Keby som mal pušku (1971)

23 12 2008

Another great film from the unjustly neglected Stefan Uher, though it has very little in common with his equally great Sun in a Net. (Slnko v sieti, 1962) That film is more of a Antonioni-esque relationship driven mood piece, while this is one that is built almost entirely on its energetic aesthetic. To give a good idea of the film’s overall feeling, I’d look at the sequence in Werckmeister Harmonies with the little kids jumping on a bed, refusing to go to sleep. It has the art of Tarr’s work, but it also has a sense of humor about itself and never becomes overly-ponderous.

Continuing with the comparisons to Hungarian filmmakers, Uher does remind me a little bit of Miklos Jancso here, but only in the sense of the camera’s freedom. Like Jancso’s work, this film feels extremely “open” if only for the fact that camera seems to become a character all on its own. Uher doesn’t use the floating, tracking shot, though, instead he goes the route of shaky and/or steadicam. Maybe it is a bit manipulative in the sense that it is obviously trying to come off as sponteanous, but it comes off as, well, sponteanous. It probably also helps that Uher’s content, following around teenage headcases is far more interesting, at least to me, than Jancso’s political examinations.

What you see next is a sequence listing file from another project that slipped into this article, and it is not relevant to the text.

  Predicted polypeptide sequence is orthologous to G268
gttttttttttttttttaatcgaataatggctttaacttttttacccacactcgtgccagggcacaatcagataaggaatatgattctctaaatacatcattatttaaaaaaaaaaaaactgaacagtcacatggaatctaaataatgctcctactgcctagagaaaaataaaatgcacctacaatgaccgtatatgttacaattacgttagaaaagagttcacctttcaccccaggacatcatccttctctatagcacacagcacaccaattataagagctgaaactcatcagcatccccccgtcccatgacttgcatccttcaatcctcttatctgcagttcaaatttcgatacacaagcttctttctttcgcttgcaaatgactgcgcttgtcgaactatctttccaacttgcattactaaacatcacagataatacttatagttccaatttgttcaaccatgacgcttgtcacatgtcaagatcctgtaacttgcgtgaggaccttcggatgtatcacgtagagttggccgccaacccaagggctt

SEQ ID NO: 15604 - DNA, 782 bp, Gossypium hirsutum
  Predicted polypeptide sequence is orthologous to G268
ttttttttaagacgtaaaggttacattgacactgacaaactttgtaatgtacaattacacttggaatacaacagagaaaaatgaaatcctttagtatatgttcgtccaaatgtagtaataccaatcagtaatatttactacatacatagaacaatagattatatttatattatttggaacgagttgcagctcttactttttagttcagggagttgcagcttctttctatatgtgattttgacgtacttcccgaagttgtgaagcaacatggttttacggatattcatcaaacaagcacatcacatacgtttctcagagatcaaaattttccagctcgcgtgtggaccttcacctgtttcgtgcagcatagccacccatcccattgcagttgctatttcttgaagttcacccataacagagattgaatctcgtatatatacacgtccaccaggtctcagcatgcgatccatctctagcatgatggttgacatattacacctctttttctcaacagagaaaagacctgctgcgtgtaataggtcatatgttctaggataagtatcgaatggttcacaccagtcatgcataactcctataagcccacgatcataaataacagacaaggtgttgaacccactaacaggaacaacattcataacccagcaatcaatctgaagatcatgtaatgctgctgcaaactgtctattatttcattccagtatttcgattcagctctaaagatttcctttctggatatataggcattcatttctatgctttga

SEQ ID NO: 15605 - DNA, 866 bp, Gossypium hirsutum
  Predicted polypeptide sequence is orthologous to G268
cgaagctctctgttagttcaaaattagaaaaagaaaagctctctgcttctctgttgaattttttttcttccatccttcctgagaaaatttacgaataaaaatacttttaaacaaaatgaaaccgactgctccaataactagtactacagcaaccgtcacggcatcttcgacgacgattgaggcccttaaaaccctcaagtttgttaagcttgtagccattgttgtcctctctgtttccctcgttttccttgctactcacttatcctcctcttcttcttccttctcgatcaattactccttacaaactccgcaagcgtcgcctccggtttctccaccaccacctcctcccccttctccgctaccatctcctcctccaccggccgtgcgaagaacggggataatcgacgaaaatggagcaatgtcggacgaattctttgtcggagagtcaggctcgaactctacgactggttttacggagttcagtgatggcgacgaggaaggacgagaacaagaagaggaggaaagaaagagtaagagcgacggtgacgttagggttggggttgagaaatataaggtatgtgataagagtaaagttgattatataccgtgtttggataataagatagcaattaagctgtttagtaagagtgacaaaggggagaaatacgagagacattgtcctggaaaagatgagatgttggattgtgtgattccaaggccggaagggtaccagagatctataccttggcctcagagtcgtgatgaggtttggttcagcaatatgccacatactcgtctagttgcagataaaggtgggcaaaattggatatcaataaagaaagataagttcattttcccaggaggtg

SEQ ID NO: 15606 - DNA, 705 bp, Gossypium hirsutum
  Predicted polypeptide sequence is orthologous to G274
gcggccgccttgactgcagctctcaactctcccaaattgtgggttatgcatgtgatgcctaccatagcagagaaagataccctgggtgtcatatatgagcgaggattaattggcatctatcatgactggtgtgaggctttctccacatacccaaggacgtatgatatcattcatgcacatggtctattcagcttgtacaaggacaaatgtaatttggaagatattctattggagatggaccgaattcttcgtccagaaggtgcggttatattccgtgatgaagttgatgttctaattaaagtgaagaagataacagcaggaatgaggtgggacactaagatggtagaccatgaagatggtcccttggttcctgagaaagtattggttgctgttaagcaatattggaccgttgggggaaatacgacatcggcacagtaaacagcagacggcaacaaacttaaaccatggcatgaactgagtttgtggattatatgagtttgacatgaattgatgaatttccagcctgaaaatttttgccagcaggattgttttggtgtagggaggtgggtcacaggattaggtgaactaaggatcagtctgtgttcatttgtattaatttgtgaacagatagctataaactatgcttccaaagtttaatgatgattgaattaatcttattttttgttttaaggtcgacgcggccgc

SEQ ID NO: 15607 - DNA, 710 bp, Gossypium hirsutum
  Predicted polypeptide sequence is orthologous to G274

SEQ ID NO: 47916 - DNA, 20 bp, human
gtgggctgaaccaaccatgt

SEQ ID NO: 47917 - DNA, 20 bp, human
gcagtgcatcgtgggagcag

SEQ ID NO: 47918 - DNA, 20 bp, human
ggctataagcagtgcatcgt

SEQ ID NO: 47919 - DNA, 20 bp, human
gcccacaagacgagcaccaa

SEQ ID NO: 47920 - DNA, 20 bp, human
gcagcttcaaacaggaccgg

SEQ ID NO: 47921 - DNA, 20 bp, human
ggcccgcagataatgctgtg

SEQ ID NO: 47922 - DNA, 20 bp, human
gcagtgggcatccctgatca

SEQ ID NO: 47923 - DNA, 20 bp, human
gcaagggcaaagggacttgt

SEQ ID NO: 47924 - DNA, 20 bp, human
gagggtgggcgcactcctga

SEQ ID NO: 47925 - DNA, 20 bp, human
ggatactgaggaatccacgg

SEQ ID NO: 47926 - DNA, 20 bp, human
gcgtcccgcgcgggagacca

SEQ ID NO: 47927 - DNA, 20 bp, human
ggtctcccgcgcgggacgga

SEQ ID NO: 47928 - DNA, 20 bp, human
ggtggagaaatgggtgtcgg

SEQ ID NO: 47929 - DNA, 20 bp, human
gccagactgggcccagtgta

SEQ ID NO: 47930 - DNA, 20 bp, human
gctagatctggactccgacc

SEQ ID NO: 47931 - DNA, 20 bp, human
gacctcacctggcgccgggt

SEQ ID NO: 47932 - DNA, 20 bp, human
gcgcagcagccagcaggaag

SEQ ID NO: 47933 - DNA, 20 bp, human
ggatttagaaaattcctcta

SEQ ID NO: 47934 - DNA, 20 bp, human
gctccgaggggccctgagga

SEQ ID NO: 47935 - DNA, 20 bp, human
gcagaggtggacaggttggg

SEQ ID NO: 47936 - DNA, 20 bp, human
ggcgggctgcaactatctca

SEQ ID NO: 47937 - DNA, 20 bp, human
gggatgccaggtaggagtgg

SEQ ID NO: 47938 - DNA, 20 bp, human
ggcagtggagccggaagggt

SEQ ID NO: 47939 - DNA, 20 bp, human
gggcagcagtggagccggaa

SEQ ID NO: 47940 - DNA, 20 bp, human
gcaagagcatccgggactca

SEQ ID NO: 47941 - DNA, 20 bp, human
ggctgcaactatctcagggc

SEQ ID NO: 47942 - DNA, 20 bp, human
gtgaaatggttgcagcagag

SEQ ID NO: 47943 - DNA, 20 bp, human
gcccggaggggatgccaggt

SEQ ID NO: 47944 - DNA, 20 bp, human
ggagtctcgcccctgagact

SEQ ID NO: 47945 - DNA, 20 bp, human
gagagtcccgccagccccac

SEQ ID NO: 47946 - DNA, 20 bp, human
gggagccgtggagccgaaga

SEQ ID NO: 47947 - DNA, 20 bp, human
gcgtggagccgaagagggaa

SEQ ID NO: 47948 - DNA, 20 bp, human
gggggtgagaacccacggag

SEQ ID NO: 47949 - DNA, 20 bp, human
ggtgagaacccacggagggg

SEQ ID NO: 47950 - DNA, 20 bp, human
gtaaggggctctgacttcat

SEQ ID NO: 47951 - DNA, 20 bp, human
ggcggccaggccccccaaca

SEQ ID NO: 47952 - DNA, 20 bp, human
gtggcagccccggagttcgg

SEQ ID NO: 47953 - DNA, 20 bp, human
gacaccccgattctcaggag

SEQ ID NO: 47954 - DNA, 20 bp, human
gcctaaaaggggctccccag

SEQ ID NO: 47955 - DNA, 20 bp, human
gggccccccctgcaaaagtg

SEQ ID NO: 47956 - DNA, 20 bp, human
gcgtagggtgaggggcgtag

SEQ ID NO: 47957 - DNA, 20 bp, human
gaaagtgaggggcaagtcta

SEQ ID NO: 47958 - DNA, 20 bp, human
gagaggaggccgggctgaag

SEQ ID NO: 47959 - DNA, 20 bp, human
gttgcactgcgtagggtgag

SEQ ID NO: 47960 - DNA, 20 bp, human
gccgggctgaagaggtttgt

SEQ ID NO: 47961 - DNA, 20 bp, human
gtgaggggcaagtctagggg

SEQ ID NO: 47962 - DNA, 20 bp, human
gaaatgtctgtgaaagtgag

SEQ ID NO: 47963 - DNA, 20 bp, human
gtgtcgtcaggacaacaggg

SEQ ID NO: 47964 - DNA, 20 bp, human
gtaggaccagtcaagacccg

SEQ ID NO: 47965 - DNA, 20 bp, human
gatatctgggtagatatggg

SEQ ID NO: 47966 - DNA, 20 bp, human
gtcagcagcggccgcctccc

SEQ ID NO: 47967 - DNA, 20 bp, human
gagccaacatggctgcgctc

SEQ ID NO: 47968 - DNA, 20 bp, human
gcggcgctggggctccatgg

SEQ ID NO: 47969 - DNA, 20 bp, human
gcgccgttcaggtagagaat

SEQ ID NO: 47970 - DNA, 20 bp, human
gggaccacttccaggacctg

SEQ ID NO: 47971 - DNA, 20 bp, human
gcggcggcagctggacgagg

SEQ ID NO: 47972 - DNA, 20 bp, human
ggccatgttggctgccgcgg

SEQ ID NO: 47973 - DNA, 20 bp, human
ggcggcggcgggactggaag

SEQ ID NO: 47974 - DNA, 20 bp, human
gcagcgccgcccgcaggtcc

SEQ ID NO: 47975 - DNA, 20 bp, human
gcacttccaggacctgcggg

Even if the camera work wasn’t so wonderful, there would still be enough of that “kids being kids” material that I would probably love the film anyway. I probably use this description one times too many, but this is definitely a “glue-sniffing” story. To put things into perspective, the children here are crazy enough to even attempt to circumcise themselves, only to win a bet, in which the prize is a knife. I guess it could be argued that I shouldn’t be so easy on the whole transgressive teens genre, but its a personal thing, I suppose.

In my (and more importantly Uher’s) defense, all these crazy and sponteanous moments are absolutely beautiful to look at. One of the few things carried over from Uher’s Sun in a Net is the wonderful sensory-filled close-ups that, in this case, are composed among wide-angle lens shots that bring to mind Wong Kar-Wai’s work of the mid-90s. Taking how groundbreaking the two films I’ve seen from Uher are, it is a shame that more people don’t know about him. I know there’s plenty of people out there that would absolutely love this, but unfortunately, Uher has yet to get any substantal attention in the west.

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